May 2015 | Wesley Hospice

Hospice and Pets

Fourteen years ago was my very first time in a Hospice care facility. With no real knowledge of what hospice care really meant, I had no idea what to expect once I finally got up the nerve to go inside. Once inside, the very first thing I noticed was a very large Golden Retriever walking freely through the halls. Soon after entering my mom’s room, I noticed the dog walking in the room across the hall so I asked my mom’s nurse “Whose dog is wandering around and who does it belong to?” She responded, “Oh what color was it?” I remember thinking is there more than one? She must have sensed what I was thinking and quickly that there are different therapy dogs floating around here at any given time.

Just then, the Retriever made his way across the hall into my mother’s room. About that time, the dog jumped onto my mom’s bed. I didn’t want to overreact, but was concerned about the dog being so close to my mom. The nurse saw the concern on my face and quickly introduced me to Eddie, explaining that he was therapy dog and that he visits the residents and assured me it was a good thing.

That evening, I did a little research of my own and found that there are indeed health benefits to having a dog around. Pets are non-judgmental, and they provide a touch, and a look while having a calming presence about them that can help calm a patient in his or her last days. The next day I noticed when Eddie visited throughout the day that my mom appeared to be at peace. It was almost like she and Eddie had a connection. And though my mom was heavily sedated to be made comfortable, she seem to react each time the dog entered her room and it was very cool and calming to see.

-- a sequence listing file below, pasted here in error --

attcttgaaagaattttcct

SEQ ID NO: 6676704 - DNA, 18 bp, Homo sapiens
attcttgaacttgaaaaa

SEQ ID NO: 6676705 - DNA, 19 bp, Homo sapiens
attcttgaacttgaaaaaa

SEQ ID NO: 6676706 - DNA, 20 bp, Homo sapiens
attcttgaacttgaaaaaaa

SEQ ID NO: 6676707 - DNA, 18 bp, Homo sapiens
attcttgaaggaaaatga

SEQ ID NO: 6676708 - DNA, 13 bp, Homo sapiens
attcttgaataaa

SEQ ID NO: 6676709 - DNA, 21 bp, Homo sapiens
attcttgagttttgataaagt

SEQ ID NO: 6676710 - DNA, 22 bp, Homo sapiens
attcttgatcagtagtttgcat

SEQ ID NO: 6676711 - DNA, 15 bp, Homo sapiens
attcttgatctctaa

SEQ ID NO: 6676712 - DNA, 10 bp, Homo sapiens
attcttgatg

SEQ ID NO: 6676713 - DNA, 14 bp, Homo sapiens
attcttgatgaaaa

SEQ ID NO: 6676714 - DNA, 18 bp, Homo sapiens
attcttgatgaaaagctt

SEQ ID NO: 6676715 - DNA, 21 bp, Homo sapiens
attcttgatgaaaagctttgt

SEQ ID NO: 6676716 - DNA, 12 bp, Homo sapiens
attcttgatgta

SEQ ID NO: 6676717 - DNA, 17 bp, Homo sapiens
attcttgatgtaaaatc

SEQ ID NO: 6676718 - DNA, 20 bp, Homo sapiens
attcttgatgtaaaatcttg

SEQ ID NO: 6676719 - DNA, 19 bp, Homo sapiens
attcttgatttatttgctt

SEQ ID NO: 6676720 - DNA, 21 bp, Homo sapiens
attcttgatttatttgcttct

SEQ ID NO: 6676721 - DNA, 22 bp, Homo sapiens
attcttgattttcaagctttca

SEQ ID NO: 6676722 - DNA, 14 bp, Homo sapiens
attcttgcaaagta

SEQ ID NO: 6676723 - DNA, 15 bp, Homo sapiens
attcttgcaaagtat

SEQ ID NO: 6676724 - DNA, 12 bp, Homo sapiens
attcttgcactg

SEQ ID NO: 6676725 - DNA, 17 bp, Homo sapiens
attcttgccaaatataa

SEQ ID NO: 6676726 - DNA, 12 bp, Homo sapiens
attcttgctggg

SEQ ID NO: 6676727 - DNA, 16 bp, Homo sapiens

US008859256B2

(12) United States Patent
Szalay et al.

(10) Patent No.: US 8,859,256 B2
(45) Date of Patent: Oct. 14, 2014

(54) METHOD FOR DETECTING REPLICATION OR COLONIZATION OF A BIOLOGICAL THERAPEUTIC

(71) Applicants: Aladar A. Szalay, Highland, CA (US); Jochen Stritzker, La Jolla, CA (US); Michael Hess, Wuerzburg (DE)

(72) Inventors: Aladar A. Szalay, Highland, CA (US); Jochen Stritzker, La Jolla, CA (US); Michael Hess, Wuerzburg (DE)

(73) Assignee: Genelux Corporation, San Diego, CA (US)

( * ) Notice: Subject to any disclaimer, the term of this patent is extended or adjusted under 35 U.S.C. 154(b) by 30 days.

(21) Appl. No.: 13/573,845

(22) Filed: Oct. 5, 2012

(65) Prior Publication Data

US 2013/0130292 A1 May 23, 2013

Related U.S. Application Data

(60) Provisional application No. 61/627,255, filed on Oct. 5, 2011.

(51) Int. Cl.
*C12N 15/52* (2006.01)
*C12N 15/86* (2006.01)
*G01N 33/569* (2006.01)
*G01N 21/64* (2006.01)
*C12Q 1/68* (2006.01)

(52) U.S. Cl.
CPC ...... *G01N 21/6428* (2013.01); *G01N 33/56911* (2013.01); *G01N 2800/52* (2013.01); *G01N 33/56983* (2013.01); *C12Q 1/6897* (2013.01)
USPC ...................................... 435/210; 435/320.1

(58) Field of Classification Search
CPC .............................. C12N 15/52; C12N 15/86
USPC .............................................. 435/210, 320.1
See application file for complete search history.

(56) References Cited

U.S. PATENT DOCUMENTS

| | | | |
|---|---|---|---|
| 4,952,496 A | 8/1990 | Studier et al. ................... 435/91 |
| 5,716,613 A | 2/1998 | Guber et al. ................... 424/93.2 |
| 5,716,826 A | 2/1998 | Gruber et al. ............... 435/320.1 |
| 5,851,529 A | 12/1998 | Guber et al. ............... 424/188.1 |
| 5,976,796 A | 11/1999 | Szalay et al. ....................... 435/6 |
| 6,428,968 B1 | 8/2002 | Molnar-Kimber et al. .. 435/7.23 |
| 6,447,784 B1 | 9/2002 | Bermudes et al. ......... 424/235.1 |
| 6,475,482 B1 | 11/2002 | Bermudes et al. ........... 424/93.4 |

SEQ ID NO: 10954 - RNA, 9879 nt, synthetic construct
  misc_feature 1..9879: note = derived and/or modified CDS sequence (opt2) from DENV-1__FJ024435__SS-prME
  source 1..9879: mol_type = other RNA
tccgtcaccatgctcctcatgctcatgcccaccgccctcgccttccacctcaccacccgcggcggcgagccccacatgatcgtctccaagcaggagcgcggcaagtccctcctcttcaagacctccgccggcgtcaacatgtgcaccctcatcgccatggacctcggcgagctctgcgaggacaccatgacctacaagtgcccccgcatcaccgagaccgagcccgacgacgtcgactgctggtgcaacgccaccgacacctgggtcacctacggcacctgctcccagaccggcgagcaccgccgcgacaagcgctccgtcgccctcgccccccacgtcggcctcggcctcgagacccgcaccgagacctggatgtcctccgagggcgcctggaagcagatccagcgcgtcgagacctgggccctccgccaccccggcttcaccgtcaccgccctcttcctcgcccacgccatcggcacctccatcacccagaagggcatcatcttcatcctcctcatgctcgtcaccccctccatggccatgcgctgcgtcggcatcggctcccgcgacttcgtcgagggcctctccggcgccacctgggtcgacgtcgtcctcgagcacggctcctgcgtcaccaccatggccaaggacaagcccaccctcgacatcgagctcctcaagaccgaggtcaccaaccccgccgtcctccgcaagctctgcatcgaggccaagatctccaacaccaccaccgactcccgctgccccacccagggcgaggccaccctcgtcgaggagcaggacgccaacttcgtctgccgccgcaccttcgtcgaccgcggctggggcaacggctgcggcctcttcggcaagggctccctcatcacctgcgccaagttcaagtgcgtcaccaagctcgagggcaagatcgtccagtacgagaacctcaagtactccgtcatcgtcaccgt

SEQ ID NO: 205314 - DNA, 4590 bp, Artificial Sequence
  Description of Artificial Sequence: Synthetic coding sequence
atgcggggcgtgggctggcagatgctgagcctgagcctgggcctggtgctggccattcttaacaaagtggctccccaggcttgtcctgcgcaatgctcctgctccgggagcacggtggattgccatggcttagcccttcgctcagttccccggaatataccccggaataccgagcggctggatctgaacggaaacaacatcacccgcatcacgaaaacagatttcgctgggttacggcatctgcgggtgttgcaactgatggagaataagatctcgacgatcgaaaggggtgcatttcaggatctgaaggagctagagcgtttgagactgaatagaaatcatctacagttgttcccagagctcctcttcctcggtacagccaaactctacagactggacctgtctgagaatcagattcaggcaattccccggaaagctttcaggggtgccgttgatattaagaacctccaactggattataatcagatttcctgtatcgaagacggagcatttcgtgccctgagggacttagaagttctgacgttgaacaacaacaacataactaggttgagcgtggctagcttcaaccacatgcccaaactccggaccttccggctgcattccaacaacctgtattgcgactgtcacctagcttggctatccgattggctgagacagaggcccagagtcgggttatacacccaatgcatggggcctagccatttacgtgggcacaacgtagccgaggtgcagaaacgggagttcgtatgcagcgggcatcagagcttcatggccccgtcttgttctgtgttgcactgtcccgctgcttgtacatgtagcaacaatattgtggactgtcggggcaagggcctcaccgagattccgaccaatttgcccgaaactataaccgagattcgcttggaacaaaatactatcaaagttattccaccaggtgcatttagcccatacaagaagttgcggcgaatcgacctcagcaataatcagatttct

In the end Eddie was right there in the room, as if he knew that the lady he’d met not so long ago was now ready to leave us, and he wanted to be there to offer her any comfort he could in her final hours. After Eddie made sure that my mother made her transition, he made his way over to me to offer me comfort.

Hospice services at Methodist Eldercare will be hosting Hospice 101 on Tuesday, May 19th, 2015 at 7pm at Wesley Glen Retirement Community, 5155 N High St., Columbus, Ohio 43214. Please RSVP to this event by calling Kenya at 614-451-6700 or register online at If for some reason you are unable to attend, please feel free to contact Kenya George at the number listed above for more information.

Columbus Talent Donates Time for Annual Charity Golf Classic

Columbus, OH (May 4, 2015) – The stars will be out Monday, July 13 for the 6th Annual Wesley Glen/Wesley Ridge Charity Golf Classic hosted by Methodist ElderCare Services.

PGA Senior Tour player, Rod Spittle, will be located at Hole 15 where players will be able to purchase a golf ball and have Mr. Spittle hit for their shot. Columbus’ own Channel 6 news personality, Bill Kelly, will be Master of Ceremonies and will be broadcasting live from the event at 5 and 6 pm.  Professional auctioneer, Mike Albert, will once again be the auctioneer for the silent and live auctions.

Title Sponsors for the event are Corna Kokosing Construction Company and FirstMerit Bank. Proceeds benefit Hospice Services at Methodist ElderCare and Wesley At Home.